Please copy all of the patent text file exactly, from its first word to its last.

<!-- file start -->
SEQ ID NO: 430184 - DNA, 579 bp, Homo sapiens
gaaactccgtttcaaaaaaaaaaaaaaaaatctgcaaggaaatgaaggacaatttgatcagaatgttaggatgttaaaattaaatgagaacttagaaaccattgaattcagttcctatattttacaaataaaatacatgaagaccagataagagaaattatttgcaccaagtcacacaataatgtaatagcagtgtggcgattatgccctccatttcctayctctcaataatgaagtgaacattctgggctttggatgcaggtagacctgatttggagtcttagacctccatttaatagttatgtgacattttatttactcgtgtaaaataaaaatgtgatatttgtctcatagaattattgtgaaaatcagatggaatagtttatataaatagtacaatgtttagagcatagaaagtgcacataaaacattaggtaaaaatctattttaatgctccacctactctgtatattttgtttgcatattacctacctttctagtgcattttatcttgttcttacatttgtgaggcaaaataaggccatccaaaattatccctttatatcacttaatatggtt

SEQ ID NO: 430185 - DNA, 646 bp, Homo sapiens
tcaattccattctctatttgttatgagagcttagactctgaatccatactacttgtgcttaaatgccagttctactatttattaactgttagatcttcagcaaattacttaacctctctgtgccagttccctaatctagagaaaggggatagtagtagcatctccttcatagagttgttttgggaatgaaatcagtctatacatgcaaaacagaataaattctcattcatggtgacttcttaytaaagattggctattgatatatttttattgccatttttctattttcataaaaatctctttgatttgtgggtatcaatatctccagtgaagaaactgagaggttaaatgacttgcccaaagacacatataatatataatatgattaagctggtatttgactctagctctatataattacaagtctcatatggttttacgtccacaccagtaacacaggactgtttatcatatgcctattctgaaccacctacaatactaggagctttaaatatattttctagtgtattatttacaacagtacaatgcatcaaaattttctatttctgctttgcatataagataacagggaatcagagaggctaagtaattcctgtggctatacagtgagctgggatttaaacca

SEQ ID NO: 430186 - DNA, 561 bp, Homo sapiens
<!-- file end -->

SEQ ID NO: 430184 - DNA, 579 bp, Homo sapiens
gaaactccgtttcaaaaaaaaaaaaaaaaatctgcaaggaaatgaaggacaatttgatcagaatgttaggatgttaaaattaaatgagaacttagaaaccattgaattcagttcctatattttacaaataaaatacatgaagaccagataagagaaattatttgcaccaagtcacacaataatgtaatagcagtgtggcgattatgccctccatttcctayctctcaataatgaagtgaacattctgggctttggatgcaggtagacctgatttggagtcttagacctccatttaatagttatgtgacattttatttactcgtgtaaaataaaaatgtgatatttgtctcatagaattattgtgaaaatcagatggaatagtttatataaatagtacaatgtttagagcatagaaagtgcacataaaacattaggtaaaaatctattttaatgctccacctactctgtatattttgtttgcatattacctacctttctagtgcattttatcttgttcttacatttgtgaggcaaaataaggccatccaaaattatccctttatatcacttaatatggtt

SEQ ID NO: 430185 - DNA, 646 bp, Homo sapiens
tcaattccattctctatttgttatgagagcttagactctgaatccatactacttgtgcttaaatgccagttctactatttattaactgttagatcttcagcaaattacttaacctctctgtgccagttccctaatctagagaaaggggatagtagtagcatctccttcatagagttgttttgggaatgaaatcagtctatacatgcaaaacagaataaattctcattcatggtgacttcttaytaaagattggctattgatatatttttattgccatttttctattttcataaaaatctctttgatttgtgggtatcaatatctccagtgaagaaactgagaggttaaatgacttgcccaaagacacatataatatataatatgattaagctggtatttgactctagctctatataattacaagtctcatatggttttacgtccacaccagtaacacaggactgtttatcatatgcctattctgaaccacctacaatactaggagctttaaatatattttctagtgtattatttacaacagtacaatgcatcaaaattttctatttctgctttgcatataagataacagggaatcagagaggctaagtaattcctgtggctatacagtgagctgggatttaaacca

SEQ ID NO: 430186 - DNA, 561 bp, Homo sapiens